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The Edinburgh Festival Fringe

Courtesy Edinburgh Festival Fringe
The Edinburgh Festival Fringe, usually just called The Fringe, is what most people picture when they think of Edinburgh at Festival time. Brash and unruly, organized yet uncontrolled, the Fringe is as old as the International Festival itself; it began in 1947 when eight acts turned up uninvited to the first ever Festival, and has grown unstoppably ever since.

While the International Festival still hogs the prestige, there's no doubt that the Fringe hogs the limelight. Spanning more than 250 separate performance venues across the whole of Edinburgh, and with well over 2,500 shows to choose from each year, the sheer scale of the Fringe puts it front and centre of the arts scene of Edinburgh - and, arguably, the whole world. The size of the undertaking presents unique challenges to visitors, who can be seen throughout August scurrying across the city, the telephone-book-like Fringe programme clutched under their arm.

Many visitors are surprised to learn that there's no formal connection between the International Festival and the Festival Fringe. In fact, the Fringe itself is a pretty formless idea: while the central Fringe Society does publish a combined programme, there's no single person in charge of the Fringe as a whole. Anyone with a show can join the party, provided only that they can find somewhere to stage it - an arrangement which puts the Fringe's independent venues in the box seat when it comes to deciding the annual artistic direction.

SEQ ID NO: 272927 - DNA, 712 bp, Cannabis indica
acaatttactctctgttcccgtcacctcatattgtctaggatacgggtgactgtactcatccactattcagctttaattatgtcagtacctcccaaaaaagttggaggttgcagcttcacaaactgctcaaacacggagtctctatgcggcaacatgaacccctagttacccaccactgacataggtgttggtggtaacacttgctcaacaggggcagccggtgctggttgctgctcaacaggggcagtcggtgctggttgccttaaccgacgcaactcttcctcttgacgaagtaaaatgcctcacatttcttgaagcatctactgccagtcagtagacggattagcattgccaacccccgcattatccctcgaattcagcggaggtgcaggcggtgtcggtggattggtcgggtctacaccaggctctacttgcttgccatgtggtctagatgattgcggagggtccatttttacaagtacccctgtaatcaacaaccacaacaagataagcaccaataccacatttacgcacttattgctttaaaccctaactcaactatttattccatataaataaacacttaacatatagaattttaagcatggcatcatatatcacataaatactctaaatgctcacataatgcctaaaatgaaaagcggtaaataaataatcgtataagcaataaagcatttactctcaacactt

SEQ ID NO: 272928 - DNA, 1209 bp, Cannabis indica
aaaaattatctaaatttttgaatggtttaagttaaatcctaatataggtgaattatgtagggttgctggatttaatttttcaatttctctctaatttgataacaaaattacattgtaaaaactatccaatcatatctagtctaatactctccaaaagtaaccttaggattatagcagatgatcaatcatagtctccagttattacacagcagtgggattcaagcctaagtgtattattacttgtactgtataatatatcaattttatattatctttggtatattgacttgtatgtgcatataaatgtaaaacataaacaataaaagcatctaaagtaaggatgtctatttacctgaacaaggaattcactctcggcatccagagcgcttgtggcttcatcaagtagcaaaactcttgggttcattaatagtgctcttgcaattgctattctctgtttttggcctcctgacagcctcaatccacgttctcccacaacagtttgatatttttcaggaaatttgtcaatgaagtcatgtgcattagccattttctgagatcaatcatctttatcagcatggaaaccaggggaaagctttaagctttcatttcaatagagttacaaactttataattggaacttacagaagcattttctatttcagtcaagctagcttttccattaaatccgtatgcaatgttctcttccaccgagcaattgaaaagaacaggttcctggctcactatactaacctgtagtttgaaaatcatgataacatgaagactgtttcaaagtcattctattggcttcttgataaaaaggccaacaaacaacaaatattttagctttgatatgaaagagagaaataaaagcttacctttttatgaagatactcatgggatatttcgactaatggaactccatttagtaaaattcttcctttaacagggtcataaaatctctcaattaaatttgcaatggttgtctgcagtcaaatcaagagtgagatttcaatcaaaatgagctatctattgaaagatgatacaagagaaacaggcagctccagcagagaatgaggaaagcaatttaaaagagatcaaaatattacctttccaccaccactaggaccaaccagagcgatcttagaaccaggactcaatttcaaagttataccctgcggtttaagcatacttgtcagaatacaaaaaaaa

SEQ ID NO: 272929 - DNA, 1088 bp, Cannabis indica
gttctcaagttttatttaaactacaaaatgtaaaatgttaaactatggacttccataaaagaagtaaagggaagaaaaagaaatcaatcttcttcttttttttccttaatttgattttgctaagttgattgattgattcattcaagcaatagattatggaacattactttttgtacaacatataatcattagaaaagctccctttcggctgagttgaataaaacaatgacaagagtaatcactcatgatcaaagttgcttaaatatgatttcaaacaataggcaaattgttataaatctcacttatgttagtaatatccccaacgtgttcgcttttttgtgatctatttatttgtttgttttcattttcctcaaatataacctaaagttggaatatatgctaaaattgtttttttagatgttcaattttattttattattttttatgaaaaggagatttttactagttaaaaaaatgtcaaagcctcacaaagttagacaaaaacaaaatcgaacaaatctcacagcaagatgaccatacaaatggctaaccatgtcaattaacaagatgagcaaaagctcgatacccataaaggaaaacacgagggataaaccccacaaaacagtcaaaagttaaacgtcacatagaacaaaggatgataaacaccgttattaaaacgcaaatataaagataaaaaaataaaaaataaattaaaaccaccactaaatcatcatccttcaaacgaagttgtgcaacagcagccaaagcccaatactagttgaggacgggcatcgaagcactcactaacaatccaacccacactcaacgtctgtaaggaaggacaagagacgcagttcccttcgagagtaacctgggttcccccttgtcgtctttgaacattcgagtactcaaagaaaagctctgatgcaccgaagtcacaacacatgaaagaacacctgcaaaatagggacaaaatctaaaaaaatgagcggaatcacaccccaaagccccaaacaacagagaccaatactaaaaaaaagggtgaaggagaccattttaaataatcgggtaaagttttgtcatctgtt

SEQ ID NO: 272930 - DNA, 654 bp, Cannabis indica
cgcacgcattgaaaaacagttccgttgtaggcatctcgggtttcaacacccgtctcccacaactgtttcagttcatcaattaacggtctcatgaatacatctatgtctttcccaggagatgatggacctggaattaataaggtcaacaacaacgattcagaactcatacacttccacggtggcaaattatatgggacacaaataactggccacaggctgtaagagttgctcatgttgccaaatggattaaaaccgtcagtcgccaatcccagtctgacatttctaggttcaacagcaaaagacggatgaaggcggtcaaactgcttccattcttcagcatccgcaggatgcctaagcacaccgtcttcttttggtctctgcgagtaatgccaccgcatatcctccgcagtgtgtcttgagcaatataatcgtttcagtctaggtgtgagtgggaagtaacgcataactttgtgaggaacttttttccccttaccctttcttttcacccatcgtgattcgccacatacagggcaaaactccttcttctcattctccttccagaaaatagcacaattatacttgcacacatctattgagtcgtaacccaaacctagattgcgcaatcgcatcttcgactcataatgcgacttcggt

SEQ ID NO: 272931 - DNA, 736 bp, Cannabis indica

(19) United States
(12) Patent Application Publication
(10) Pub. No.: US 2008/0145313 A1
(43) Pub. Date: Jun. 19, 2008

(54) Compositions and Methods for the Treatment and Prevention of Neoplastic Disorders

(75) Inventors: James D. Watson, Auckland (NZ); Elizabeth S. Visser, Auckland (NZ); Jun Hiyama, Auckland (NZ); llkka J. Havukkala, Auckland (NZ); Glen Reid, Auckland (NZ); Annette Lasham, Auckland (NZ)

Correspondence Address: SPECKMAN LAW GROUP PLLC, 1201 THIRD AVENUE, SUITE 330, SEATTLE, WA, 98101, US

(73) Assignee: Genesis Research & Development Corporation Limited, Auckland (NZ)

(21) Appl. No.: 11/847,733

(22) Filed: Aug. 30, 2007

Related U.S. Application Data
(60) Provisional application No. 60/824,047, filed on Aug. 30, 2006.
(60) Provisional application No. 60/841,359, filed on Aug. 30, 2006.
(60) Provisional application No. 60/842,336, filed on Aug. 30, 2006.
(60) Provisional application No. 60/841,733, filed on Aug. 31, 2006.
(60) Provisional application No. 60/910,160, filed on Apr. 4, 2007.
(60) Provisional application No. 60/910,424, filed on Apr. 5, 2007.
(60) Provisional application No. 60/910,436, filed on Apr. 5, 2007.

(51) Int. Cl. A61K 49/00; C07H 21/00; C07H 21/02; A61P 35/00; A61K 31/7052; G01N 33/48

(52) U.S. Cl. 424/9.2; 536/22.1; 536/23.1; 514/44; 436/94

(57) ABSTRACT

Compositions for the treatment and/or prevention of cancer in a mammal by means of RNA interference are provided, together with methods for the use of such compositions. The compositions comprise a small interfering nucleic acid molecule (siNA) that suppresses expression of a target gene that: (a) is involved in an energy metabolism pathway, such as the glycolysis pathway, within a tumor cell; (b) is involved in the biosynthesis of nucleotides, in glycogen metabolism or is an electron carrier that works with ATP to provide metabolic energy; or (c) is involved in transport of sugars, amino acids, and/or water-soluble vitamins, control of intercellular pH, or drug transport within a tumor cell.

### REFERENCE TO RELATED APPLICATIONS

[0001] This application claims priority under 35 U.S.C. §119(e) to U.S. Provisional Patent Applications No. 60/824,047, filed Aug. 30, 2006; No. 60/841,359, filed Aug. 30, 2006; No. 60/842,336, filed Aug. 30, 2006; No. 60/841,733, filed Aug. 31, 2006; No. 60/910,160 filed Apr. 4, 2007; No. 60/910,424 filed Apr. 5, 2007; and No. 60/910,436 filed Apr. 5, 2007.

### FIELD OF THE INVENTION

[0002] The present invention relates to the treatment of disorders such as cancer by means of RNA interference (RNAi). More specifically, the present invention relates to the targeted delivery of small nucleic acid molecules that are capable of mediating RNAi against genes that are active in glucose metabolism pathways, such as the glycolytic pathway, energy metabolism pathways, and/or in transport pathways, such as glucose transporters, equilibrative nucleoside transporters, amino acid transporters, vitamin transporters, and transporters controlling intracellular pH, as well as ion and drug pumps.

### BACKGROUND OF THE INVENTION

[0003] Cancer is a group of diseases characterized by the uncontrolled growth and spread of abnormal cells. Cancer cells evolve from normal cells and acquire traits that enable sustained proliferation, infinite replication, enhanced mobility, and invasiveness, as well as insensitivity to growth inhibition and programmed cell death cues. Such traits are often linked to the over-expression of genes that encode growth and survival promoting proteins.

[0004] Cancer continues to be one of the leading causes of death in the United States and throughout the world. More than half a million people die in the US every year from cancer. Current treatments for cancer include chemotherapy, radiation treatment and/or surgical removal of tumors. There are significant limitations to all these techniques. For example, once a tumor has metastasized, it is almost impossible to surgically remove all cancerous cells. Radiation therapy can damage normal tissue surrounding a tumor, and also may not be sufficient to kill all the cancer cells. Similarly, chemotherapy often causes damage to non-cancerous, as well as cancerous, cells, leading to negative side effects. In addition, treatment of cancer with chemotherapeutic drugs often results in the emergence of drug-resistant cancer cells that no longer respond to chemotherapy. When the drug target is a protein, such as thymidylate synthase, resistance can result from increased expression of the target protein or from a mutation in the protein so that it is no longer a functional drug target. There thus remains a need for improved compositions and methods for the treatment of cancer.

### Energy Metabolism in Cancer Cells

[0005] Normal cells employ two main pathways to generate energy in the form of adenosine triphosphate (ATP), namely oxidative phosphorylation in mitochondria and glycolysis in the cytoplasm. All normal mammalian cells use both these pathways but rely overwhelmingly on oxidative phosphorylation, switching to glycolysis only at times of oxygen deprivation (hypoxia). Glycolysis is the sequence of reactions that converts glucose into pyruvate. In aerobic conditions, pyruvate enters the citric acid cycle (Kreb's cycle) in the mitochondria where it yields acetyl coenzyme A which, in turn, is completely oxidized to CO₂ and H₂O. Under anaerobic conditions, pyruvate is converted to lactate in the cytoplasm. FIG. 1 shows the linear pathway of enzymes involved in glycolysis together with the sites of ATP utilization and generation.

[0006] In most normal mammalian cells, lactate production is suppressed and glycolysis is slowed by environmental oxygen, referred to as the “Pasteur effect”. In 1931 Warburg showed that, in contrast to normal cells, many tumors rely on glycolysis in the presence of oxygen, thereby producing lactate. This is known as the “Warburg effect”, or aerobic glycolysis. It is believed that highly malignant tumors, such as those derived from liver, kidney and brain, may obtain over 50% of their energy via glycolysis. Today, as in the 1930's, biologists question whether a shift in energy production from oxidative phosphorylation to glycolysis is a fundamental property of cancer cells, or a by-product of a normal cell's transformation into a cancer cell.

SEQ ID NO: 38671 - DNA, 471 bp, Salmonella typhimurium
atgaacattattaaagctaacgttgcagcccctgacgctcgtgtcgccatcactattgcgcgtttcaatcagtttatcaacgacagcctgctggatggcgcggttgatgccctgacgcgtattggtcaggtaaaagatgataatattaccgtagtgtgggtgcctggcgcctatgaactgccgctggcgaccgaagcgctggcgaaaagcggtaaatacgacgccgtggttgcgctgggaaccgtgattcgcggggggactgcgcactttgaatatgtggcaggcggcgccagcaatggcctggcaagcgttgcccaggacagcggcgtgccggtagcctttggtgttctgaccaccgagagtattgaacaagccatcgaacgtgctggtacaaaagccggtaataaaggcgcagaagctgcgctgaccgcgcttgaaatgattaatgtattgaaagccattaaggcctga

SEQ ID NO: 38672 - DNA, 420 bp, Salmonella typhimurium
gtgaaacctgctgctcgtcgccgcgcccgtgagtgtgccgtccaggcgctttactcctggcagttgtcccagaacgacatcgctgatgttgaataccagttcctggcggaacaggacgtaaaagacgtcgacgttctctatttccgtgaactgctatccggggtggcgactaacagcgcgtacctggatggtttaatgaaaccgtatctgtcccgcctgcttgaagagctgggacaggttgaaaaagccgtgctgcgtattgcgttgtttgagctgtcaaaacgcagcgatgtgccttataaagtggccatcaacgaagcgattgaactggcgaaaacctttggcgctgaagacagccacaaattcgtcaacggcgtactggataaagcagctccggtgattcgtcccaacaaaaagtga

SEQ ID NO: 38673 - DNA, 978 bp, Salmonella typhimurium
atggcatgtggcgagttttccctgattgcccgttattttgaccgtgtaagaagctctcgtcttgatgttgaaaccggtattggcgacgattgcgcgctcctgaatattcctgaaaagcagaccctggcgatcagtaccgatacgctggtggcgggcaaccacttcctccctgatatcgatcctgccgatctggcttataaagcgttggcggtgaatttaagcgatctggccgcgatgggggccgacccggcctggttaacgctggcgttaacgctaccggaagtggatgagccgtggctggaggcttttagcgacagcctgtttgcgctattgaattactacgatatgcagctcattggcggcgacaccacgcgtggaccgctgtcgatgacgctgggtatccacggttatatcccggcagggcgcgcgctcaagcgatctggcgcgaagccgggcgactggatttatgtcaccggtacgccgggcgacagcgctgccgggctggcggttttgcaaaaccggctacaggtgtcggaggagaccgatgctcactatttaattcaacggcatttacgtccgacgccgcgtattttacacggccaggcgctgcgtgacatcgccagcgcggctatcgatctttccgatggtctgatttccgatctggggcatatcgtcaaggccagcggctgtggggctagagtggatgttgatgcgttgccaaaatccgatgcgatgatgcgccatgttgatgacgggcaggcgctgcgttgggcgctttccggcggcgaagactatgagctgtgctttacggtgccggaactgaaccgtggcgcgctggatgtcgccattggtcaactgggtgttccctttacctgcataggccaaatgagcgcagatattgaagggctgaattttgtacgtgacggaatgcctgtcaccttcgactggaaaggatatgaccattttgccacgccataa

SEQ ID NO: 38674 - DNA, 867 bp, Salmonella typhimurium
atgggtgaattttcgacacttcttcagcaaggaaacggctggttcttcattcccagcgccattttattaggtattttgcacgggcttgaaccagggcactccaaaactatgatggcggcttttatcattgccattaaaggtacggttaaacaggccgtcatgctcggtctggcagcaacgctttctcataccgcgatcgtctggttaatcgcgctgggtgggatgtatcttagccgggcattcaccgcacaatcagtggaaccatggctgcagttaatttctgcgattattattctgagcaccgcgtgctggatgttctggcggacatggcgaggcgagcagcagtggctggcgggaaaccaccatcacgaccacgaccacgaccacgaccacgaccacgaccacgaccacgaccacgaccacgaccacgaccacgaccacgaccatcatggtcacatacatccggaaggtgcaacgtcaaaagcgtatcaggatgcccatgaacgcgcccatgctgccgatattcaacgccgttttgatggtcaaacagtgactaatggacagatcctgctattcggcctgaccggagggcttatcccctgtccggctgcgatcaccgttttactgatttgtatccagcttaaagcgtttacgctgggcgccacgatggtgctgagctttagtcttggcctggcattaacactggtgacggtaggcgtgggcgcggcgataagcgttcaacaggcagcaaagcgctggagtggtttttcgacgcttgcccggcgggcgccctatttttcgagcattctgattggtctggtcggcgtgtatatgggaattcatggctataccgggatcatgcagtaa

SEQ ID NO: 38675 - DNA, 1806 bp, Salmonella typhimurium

Some of the venues are multi-outlet chains, effectively running their own small festivals, with carefully-designed and coordinated programmes. Others are little more than church halls or school assembly rooms, offering temporary house-room to anyone with a show to put on. The artistic direction is as diverse as these performance spaces - with theatre, comedy, music, dance and visual arts all finding shelter under the Fringe umbrella.

The joy of the Fringe lies in this diversity, which is served with a healthy dash of egalitarian spirit. Household-name comedians jostle for attention with high-school theatrical societies and one-man stand-ups; and, despite inevitable claims that it's not quite like it used to be, the small-time amateur can still strike it big by picking up a few favourable reviews. It's an exhilarating, unmatchable experience to be part of: but inevitably amidst all this anarchy, there's little room for quality control. Yes, there's a lot of treasure to be found on the Fringe - but it's guarded by a flock of turkeys.

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